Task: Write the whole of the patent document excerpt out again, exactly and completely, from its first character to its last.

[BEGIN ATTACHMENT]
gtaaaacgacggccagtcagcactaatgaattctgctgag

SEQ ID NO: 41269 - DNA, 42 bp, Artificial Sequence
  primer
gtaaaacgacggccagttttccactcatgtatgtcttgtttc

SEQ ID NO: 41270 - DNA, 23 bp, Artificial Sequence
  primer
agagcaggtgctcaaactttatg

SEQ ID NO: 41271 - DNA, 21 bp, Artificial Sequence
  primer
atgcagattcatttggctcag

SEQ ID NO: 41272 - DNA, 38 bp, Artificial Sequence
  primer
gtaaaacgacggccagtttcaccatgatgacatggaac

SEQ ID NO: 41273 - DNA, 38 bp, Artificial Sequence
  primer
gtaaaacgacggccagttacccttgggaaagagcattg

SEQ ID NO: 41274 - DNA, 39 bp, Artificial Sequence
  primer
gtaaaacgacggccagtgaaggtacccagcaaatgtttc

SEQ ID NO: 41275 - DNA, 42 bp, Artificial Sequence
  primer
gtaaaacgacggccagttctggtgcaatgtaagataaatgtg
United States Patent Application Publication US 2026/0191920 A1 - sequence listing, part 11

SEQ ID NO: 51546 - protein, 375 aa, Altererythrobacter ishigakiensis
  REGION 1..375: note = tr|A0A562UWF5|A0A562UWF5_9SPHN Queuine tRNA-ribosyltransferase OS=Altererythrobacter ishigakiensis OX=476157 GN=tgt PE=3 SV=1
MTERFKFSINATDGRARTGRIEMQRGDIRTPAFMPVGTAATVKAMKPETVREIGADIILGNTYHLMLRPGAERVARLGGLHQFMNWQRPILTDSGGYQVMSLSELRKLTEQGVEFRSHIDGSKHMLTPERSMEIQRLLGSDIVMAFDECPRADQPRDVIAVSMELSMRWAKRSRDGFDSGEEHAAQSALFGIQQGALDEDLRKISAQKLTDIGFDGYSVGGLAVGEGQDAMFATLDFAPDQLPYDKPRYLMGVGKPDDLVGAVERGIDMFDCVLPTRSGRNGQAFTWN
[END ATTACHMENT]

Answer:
gtaaaacgacggccagtcagcactaatgaattctgctgag

SEQ ID NO: 41269 - DNA, 42 bp, Artificial Sequence
  primer
gtaaaacgacggccagttttccactcatgtatgtcttgtttc

SEQ ID NO: 41270 - DNA, 23 bp, Artificial Sequence
  primer
agagcaggtgctcaaactttatg

SEQ ID NO: 41271 - DNA, 21 bp, Artificial Sequence
  primer
atgcagattcatttggctcag

SEQ ID NO: 41272 - DNA, 38 bp, Artificial Sequence
  primer
gtaaaacgacggccagtttcaccatgatgacatggaac

SEQ ID NO: 41273 - DNA, 38 bp, Artificial Sequence
  primer
gtaaaacgacggccagttacccttgggaaagagcattg

SEQ ID NO: 41274 - DNA, 39 bp, Artificial Sequence
  primer
gtaaaacgacggccagtgaaggtacccagcaaatgtttc

SEQ ID NO: 41275 - DNA, 42 bp, Artificial Sequence
  primer
gtaaaacgacggccagttctggtgcaatgtaagataaatgtg
United States Patent Application Publication US 2026/0191920 A1 - sequence listing, part 11

SEQ ID NO: 51546 - protein, 375 aa, Altererythrobacter ishigakiensis
  REGION 1..375: note = tr|A0A562UWF5|A0A562UWF5_9SPHN Queuine tRNA-ribosyltransferase OS=Altererythrobacter ishigakiensis OX=476157 GN=tgt PE=3 SV=1
MTERFKFSINATDGRARTGRIEMQRGDIRTPAFMPVGTAATVKAMKPETVREIGADIILGNTYHLMLRPGAERVARLGGLHQFMNWQRPILTDSGGYQVMSLSELRKLTEQGVEFRSHIDGSKHMLTPERSMEIQRLLGSDIVMAFDECPRADQPRDVIAVSMELSMRWAKRSRDGFDSGEEHAAQSALFGIQQGALDEDLRKISAQKLTDIGFDGYSVGGLAVGEGQDAMFATLDFAPDQLPYDKPRYLMGVGKPDDLVGAVERGIDMFDCVLPTRSGRNGQAFTWN